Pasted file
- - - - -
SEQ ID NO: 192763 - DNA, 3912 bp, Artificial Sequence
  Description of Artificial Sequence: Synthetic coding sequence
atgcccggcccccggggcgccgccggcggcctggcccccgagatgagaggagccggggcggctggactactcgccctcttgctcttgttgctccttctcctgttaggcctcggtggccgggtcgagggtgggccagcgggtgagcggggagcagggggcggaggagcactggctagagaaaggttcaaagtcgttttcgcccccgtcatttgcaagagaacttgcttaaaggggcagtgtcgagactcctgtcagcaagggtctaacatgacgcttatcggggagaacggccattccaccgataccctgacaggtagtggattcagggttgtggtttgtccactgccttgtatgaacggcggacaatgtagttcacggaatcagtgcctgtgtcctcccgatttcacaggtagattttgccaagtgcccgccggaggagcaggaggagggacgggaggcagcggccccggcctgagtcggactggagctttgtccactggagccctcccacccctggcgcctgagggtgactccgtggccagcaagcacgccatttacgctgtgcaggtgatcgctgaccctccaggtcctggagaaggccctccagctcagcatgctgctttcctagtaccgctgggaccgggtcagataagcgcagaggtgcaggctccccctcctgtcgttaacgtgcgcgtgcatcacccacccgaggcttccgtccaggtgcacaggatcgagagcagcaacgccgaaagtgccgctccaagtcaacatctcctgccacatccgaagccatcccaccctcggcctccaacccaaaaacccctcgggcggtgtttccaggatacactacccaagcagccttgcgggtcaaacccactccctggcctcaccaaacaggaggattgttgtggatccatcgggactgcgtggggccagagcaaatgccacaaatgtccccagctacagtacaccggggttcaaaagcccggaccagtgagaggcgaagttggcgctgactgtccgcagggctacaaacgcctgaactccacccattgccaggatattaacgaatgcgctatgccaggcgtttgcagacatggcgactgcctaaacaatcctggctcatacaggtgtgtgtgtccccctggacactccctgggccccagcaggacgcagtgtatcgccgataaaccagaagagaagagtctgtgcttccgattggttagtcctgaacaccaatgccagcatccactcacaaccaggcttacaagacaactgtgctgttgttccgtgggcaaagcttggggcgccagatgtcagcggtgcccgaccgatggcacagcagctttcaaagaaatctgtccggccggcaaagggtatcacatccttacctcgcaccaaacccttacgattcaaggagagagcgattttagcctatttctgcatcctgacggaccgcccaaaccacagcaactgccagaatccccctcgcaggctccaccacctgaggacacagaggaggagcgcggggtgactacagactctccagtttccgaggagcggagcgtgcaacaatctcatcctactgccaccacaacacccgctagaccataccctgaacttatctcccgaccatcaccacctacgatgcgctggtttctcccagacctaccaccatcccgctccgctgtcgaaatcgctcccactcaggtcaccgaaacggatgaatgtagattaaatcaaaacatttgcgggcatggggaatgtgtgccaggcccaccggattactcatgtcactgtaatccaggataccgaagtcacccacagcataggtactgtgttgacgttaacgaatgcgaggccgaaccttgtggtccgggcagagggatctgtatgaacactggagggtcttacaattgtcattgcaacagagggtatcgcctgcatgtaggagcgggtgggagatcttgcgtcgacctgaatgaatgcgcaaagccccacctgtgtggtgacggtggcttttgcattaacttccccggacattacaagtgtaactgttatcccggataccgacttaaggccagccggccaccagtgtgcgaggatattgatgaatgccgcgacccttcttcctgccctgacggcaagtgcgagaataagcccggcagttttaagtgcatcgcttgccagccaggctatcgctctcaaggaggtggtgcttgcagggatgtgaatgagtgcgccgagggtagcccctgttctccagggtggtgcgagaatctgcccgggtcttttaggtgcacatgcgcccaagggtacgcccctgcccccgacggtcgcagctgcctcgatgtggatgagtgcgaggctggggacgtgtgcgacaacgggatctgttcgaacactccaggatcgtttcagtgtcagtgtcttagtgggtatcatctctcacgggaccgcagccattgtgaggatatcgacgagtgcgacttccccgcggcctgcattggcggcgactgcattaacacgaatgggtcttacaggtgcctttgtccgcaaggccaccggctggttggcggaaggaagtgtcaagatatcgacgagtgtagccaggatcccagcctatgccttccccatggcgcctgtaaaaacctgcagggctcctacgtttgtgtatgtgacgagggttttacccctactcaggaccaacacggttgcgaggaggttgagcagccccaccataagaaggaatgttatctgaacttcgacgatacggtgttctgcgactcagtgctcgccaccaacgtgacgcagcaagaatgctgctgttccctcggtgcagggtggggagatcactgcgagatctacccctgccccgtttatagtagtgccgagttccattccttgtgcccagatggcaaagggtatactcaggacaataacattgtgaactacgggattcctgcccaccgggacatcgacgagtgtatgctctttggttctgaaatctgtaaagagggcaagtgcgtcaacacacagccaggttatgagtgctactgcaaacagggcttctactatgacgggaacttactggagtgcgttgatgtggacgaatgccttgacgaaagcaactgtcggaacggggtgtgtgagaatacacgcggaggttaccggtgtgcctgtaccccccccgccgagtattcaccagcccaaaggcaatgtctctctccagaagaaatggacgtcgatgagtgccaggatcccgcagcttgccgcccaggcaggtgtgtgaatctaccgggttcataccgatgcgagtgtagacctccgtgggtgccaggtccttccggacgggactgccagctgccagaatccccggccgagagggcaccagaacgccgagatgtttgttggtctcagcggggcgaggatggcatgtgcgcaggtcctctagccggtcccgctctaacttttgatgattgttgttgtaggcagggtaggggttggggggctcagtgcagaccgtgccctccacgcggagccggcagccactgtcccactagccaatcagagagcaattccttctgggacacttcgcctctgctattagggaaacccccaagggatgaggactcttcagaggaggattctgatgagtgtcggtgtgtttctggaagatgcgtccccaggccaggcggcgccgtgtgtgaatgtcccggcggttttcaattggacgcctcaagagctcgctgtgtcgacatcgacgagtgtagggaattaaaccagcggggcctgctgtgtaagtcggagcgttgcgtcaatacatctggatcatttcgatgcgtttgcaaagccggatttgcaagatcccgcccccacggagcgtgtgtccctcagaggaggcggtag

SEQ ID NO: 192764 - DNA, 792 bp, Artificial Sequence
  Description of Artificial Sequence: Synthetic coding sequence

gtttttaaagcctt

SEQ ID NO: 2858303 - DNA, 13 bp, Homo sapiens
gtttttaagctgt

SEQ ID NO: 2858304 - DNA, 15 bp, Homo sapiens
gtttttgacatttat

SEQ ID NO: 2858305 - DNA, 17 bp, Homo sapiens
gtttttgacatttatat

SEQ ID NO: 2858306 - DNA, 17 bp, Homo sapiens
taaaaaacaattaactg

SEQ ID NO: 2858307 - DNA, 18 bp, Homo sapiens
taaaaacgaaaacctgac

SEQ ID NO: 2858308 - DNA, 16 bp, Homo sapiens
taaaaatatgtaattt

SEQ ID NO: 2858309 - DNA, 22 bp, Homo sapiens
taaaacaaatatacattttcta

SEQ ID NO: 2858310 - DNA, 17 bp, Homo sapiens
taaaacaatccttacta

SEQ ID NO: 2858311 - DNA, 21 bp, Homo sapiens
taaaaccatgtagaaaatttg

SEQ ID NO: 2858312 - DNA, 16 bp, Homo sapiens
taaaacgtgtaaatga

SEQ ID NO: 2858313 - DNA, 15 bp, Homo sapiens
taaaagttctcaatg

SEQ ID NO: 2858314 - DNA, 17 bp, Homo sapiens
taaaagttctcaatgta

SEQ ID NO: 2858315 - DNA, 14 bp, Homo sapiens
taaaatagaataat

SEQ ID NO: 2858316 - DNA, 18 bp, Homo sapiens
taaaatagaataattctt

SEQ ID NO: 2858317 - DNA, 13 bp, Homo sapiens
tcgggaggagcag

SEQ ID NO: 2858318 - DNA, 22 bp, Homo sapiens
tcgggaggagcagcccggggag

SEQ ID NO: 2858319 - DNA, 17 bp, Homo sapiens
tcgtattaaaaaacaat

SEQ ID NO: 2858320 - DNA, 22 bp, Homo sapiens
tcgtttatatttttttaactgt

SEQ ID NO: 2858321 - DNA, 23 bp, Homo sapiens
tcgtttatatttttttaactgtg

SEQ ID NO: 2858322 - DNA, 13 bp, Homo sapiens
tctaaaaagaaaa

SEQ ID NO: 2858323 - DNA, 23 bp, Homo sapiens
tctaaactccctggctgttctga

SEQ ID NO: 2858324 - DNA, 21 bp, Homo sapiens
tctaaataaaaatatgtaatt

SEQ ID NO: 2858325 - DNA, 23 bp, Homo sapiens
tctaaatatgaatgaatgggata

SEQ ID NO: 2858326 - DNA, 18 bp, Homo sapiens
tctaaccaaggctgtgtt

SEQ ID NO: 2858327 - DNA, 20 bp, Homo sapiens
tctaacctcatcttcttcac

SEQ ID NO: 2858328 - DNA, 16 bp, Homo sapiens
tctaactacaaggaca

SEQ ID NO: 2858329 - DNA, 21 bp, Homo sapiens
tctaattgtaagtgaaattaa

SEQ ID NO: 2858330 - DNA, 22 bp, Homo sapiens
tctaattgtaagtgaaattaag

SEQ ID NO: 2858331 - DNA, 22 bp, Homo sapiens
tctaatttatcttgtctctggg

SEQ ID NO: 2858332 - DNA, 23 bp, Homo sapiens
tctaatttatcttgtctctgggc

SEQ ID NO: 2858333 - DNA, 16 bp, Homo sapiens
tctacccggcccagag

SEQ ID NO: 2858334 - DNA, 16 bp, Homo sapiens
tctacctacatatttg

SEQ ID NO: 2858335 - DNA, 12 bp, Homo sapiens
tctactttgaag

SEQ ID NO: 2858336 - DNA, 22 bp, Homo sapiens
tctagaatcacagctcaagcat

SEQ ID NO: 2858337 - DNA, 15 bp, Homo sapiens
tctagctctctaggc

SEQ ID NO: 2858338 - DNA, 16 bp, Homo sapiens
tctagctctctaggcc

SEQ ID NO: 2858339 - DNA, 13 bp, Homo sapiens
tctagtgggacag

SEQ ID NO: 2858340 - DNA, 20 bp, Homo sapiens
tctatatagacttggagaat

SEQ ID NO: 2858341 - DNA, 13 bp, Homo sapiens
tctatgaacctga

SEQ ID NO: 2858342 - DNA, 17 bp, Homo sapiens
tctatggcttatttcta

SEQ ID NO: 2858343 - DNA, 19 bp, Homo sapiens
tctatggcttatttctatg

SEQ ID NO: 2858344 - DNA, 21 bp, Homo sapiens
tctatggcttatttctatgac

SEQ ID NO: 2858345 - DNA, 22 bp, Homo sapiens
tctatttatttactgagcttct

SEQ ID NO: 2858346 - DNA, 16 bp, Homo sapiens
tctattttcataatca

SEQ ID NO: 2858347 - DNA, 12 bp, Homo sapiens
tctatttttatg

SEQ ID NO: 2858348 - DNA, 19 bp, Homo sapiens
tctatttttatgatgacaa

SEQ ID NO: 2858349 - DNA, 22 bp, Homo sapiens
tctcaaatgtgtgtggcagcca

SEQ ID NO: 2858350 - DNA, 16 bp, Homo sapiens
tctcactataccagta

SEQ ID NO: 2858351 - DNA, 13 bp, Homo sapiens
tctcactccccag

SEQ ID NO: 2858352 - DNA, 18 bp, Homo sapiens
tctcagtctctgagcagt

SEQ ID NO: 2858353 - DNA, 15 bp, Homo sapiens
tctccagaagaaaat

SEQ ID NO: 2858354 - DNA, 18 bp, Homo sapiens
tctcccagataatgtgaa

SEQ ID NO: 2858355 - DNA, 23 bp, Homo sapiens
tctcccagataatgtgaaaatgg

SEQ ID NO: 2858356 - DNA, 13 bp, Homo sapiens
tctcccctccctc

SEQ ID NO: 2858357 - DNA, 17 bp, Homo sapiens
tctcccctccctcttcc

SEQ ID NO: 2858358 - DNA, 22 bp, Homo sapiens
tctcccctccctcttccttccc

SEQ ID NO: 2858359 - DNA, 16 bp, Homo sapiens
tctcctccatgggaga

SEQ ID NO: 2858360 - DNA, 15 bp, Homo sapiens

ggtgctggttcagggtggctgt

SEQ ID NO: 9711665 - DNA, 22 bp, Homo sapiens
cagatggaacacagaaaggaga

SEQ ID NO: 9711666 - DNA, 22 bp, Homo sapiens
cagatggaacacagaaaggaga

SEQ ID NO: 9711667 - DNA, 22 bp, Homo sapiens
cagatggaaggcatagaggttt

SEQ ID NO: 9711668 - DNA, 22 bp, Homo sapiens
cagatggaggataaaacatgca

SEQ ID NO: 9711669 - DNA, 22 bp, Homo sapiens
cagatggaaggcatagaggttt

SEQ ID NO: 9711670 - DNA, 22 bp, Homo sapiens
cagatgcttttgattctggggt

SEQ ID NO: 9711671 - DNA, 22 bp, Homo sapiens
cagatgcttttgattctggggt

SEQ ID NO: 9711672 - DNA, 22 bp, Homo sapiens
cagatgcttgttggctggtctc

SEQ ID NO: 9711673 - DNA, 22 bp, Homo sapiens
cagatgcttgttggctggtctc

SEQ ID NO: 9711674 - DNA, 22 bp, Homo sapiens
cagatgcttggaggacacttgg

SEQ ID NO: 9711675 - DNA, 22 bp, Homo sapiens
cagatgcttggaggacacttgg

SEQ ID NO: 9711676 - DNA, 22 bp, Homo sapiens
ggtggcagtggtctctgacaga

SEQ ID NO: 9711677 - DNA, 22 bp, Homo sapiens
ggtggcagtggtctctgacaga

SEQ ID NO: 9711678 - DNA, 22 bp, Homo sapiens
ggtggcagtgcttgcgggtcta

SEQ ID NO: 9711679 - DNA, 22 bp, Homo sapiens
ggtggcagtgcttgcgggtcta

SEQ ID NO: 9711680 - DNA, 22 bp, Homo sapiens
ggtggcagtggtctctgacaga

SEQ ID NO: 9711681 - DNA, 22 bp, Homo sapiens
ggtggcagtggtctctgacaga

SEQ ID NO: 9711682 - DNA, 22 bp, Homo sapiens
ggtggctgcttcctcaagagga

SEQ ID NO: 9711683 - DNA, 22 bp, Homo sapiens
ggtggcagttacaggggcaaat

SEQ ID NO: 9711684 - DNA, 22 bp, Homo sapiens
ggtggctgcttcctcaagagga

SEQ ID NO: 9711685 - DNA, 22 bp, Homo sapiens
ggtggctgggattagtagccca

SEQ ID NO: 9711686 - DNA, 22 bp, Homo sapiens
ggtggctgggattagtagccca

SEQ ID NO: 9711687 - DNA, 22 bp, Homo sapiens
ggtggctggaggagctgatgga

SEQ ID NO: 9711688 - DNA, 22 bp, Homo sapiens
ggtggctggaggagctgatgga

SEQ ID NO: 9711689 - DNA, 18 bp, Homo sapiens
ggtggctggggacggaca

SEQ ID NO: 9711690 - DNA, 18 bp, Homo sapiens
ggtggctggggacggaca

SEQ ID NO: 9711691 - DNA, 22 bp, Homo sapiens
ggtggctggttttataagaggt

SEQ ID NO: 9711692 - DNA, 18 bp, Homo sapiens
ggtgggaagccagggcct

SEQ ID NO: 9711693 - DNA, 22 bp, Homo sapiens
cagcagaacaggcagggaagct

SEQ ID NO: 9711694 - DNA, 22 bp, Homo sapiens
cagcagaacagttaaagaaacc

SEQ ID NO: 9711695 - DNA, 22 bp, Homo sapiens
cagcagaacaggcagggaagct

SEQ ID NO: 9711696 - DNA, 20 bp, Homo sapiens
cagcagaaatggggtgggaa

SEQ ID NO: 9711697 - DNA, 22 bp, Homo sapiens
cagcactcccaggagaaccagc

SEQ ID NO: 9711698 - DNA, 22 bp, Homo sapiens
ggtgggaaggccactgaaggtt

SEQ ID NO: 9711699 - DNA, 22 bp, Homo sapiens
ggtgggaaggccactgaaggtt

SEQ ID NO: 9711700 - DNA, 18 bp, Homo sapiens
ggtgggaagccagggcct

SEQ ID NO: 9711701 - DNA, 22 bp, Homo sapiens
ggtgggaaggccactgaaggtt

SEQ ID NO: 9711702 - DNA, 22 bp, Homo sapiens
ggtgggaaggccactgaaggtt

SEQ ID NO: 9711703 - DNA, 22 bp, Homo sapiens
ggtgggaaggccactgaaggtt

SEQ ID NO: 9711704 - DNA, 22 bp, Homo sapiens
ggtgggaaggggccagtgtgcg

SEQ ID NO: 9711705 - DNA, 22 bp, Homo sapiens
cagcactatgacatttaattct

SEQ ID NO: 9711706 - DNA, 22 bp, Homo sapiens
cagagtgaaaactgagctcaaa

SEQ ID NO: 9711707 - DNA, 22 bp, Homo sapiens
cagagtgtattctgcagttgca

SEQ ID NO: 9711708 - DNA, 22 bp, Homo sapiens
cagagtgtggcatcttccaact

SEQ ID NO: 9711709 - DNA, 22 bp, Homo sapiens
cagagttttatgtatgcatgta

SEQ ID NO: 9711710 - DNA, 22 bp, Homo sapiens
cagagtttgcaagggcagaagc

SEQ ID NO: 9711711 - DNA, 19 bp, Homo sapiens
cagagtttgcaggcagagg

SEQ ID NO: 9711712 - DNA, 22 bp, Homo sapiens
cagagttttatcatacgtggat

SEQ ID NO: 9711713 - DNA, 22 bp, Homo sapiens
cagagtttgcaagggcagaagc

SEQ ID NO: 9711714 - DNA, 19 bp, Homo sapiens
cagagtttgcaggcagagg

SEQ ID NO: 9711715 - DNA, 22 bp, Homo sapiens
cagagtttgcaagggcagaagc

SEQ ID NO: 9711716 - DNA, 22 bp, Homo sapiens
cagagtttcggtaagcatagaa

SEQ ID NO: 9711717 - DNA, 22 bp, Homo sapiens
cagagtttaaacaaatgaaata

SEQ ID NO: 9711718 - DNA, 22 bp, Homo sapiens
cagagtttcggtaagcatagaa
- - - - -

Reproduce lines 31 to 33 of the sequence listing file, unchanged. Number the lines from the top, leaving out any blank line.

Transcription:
SEQ ID NO: 2858315 - DNA, 14 bp, Homo sapiens
taaaatagaataat

SEQ ID NO: 2858316 - DNA, 18 bp, Homo sapiens